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Boxing Day

Hello all.

Been a bit quiet of late here, apologies. I’ve been hard at work on Vworp Vworp!, the fanzine of Doctor Who comics and things that we’re waiting for the printers to get round to. Here are the two covers:

Vworp Vworp!

More to follow when the zine hits the stands in January.

Vague review of The End of Time Part One:
I found yesterday’s Doctor Who the predicted mixture of the exhilarating and the irritating, and am putting off watching it again until I see Part Two. Didn’t much like the sub-Matrix Reloaded ending, but look forward to seeing some hard-ass Time Lord action next week… but what’s the betting that instead we’ll have another hour of faffing around, plot holes, annoying music that either drowns out important dialogue or signifies comedy, then, hopefully, a truly exciting and moving regeneration. Loving John Simms and Bernard Cribbens, and can’t wait to see more of Timothy Dalton.

Thanks to Alex Wilcock for sending me this. Apparently Russell said it was “really rather good”. Hurrah!


Anyway, turkey sandwiches beckon. I hope you’re all having a marvellous Christmas!

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Nothing whatsoever to report so I thought I’d share some more Dagenham philosophy. Appearing on a 1965 New London Palladium Show, Messrs Cook and Moore discuss Kirk Douglas’s dimple, Jane Russell’s busty substances and the meaning of life…

Thanks to the excellent chap who originally uploaded this. I hope he doesn’t mind me airing it here.


Hello all, sorry I’ve not added any content in a while – been in a bit of a funk, so creativity’s shot to hell. I thought I’d introduce you to three fantastic little films you may not have seen before.

The Wolfman (dir. Tim Hope, 1999)

“I was sitting in my leather arm chair watching telly, thinking how marvellous it would be to be a werewolf. How fantastic and different my life would be…” You may have seen the brutally edited version used as Playstation2 advert, but this is the original six-minute mini epic, a masterful aural and visual trip into what I can only assume is the very weird mind of animator Tim Hope. Apparently it was created in Hope’s bedroom without any funding, using 2D cutouts and a basic 3D animation program. Wait until you get to the transformation into a “hairy person… a huge rancid dog”: it really is a rich, stunning rush. Here’s a link to the PS2 ad but I urge you to experience the full version, preferably with the lights down and the sound up. It’s amazing.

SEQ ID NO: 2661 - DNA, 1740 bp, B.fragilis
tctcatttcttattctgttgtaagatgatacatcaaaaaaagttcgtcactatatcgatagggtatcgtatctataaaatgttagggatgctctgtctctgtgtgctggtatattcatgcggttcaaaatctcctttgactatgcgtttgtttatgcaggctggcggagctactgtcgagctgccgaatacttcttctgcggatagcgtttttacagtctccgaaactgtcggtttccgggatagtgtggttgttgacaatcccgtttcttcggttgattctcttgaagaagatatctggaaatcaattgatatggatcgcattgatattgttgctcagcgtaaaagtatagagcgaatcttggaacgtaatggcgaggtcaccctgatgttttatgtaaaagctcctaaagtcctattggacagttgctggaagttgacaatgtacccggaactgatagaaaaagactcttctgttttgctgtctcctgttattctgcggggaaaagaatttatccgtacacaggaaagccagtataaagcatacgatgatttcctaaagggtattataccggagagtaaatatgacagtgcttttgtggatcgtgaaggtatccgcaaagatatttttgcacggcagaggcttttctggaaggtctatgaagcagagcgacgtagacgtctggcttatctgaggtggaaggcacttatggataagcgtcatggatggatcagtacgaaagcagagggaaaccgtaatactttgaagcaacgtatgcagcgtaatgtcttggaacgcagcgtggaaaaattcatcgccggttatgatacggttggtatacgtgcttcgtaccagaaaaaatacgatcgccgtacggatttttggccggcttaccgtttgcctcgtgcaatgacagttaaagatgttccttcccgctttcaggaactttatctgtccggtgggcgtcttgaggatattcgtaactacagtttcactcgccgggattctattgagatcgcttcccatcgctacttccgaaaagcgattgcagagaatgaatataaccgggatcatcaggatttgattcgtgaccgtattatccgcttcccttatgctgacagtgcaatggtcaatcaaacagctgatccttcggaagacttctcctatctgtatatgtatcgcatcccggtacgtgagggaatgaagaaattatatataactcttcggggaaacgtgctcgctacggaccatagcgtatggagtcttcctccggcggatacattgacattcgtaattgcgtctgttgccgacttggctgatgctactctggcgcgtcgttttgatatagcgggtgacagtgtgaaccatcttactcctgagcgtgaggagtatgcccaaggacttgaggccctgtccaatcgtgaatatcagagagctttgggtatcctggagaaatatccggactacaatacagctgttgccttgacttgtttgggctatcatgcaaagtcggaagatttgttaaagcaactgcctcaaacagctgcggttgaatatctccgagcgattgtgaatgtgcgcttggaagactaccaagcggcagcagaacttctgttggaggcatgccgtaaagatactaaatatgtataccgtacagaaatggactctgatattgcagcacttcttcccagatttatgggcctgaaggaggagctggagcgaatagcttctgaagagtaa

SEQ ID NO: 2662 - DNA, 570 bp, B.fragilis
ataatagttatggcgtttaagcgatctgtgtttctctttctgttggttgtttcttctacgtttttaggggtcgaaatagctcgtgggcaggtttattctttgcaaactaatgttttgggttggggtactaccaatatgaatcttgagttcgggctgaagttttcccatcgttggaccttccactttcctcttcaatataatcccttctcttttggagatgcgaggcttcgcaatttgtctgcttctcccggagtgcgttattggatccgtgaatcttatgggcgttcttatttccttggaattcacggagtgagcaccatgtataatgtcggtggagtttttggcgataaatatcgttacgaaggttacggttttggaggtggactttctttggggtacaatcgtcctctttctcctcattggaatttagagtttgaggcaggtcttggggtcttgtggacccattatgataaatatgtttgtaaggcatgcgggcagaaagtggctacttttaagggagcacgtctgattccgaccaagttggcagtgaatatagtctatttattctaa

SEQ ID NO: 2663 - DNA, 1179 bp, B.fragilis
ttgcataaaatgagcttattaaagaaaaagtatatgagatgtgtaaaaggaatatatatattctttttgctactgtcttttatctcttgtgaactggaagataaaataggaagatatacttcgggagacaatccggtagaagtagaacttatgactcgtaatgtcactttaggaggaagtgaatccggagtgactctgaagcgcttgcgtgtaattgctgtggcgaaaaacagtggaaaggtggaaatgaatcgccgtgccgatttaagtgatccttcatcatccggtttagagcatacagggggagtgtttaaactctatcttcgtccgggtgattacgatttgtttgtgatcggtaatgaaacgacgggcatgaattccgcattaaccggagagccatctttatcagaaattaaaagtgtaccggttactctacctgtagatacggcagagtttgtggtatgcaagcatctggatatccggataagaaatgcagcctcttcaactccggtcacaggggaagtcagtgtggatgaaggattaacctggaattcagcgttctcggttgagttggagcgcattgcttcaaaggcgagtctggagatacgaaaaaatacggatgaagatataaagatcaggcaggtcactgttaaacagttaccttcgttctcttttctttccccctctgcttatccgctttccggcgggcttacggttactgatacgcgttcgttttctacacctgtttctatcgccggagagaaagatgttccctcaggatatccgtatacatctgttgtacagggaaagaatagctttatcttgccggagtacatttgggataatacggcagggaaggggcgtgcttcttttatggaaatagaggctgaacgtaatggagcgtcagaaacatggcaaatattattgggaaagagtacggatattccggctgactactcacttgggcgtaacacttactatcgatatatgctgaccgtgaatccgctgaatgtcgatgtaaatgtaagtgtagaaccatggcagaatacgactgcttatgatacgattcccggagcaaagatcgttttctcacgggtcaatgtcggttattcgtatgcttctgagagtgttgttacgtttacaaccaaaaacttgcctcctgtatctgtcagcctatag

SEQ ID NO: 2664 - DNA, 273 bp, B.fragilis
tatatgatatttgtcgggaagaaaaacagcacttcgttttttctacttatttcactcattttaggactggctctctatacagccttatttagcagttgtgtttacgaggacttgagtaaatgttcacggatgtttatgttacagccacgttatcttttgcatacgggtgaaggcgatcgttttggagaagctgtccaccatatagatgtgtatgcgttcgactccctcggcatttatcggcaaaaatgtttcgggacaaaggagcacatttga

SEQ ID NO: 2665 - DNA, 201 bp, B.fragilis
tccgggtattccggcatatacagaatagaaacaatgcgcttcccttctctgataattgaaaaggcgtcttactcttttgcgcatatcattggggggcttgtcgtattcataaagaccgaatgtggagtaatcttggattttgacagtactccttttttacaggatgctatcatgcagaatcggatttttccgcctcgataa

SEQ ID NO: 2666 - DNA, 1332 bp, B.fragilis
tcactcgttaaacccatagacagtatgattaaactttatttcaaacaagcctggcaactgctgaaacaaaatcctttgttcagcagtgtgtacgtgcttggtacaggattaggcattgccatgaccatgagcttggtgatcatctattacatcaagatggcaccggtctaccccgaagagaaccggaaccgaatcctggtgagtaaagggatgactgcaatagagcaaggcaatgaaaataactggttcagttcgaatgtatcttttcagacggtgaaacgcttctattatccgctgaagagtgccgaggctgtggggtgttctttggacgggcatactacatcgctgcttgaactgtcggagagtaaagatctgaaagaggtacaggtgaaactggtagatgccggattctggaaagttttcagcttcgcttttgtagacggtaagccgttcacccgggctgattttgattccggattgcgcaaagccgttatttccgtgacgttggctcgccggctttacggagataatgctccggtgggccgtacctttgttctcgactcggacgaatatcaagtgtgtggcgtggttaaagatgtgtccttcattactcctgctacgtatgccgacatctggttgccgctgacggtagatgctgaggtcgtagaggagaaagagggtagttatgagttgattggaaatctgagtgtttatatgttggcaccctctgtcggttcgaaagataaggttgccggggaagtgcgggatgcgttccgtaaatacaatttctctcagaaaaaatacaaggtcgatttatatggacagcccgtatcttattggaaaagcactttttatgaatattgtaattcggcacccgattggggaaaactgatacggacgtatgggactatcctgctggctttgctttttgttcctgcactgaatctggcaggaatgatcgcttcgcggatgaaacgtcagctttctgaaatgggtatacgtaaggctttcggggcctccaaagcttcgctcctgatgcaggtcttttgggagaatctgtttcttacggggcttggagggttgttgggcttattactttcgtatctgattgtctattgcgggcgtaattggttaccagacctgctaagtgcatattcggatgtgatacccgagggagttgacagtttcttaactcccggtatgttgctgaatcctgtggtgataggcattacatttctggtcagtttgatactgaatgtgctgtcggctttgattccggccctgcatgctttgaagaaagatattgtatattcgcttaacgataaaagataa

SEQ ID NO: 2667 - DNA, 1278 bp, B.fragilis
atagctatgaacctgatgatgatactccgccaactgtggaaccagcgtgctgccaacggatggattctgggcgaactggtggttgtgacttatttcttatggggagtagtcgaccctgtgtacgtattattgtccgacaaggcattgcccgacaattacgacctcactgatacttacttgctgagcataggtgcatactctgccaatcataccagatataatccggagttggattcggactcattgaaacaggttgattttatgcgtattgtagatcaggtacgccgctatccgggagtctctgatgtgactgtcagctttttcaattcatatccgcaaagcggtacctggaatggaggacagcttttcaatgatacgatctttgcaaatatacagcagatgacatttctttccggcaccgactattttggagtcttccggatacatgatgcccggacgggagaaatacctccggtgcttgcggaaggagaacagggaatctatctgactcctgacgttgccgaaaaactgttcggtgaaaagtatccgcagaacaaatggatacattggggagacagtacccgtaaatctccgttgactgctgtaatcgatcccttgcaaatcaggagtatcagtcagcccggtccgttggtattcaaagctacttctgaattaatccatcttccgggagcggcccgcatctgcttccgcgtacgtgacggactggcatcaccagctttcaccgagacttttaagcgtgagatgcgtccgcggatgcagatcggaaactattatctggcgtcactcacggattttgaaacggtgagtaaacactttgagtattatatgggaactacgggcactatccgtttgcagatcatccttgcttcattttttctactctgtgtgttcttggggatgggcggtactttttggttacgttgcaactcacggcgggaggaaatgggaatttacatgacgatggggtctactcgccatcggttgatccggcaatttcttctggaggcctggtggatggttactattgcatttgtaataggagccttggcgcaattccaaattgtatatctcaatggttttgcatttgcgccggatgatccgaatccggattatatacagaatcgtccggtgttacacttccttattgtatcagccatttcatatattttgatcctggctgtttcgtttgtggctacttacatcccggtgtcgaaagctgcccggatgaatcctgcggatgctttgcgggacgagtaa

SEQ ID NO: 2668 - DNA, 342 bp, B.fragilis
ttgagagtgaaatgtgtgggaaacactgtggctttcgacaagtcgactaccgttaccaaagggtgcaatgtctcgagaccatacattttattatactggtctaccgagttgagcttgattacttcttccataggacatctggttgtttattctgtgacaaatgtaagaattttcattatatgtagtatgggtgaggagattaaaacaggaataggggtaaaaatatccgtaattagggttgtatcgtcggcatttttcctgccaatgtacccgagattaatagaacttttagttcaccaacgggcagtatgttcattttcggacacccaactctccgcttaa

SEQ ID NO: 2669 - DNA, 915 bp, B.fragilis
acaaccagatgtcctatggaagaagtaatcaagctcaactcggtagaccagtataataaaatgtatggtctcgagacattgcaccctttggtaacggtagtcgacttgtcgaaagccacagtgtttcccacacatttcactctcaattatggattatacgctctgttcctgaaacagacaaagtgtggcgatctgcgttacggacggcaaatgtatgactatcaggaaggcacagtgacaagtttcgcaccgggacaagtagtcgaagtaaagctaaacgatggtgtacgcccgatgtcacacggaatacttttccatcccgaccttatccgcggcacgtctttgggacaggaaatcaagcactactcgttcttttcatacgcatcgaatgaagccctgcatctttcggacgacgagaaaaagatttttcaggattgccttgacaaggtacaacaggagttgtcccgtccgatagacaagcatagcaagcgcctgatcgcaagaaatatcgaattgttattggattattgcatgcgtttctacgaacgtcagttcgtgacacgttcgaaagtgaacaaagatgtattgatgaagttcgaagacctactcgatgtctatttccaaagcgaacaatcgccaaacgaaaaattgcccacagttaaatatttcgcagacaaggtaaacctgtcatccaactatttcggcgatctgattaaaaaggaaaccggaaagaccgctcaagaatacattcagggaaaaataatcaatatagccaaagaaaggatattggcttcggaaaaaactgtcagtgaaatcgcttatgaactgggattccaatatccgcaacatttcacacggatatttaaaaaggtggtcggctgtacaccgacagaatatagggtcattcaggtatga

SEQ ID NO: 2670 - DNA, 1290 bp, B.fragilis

Barcelona, 1908 (dir. Ricardo Baños, 1908)

Simply put, this is a record of a tram ride through Barcelona, filmed by a pioneer of Spanish cinema over a hundred years ago. Why does it evoke a deeper response than the simple joy of watching bystanders play up to the camera, cyclists and cars crossing the tracks with apparently inches to spare? It’s hypnotic and fascinating, uniquely bringing to life an era now lost for ever. Gorgeous.


Manifestations (dir. Giles Timms, 2009)

Another animation coupled with a perfect soundtrack by Ceri Front. Not sure what it’s all about, apart from a cute four-legged chap called Mr Chip who finds love, but I’m in awe of the pretty pictures, how it all restlessly whips about and blurs and shakes, mixing computer animation with (apparently) hand drawn elements and grungy textures and dreamy palettes.


And here are some random funny bits…

There’s nothing funnier than seeing a merciless Peter Cook reduce Dudley Moore to helpless giggles, so here’s Pete and Dud visiting an art gallery.

Even more surprising than Stephen Fry’s hair is the realisation that it all actually makes complete sense.

There are people far richer than I who are a bit touchy about this being online, so I’ll say nothing about it. I expect you’ll have seen it before anyway, but it’ll still make you laugh all the way down to your gold-plated diapers. Nappies, I mean.

If I felt motivated enough, I’d spend my Sundays raging against the pointlessness of Sundays. Maybe if I wasn’t such a frightful heathen the day would mean something to me, or it might offer respite if I had much going on during the rest of the week, but to me Sundays have always been terribly, crushingly dreary. So, to give some purpose to this most maddening of days, I shall be posting random stuff; basically, whatever takes my fancy. And yes, I know it’s Monday now but today felt like yesterday all over again. Well, more like Sunday²… oh, don’t get me started on Bank Holidays…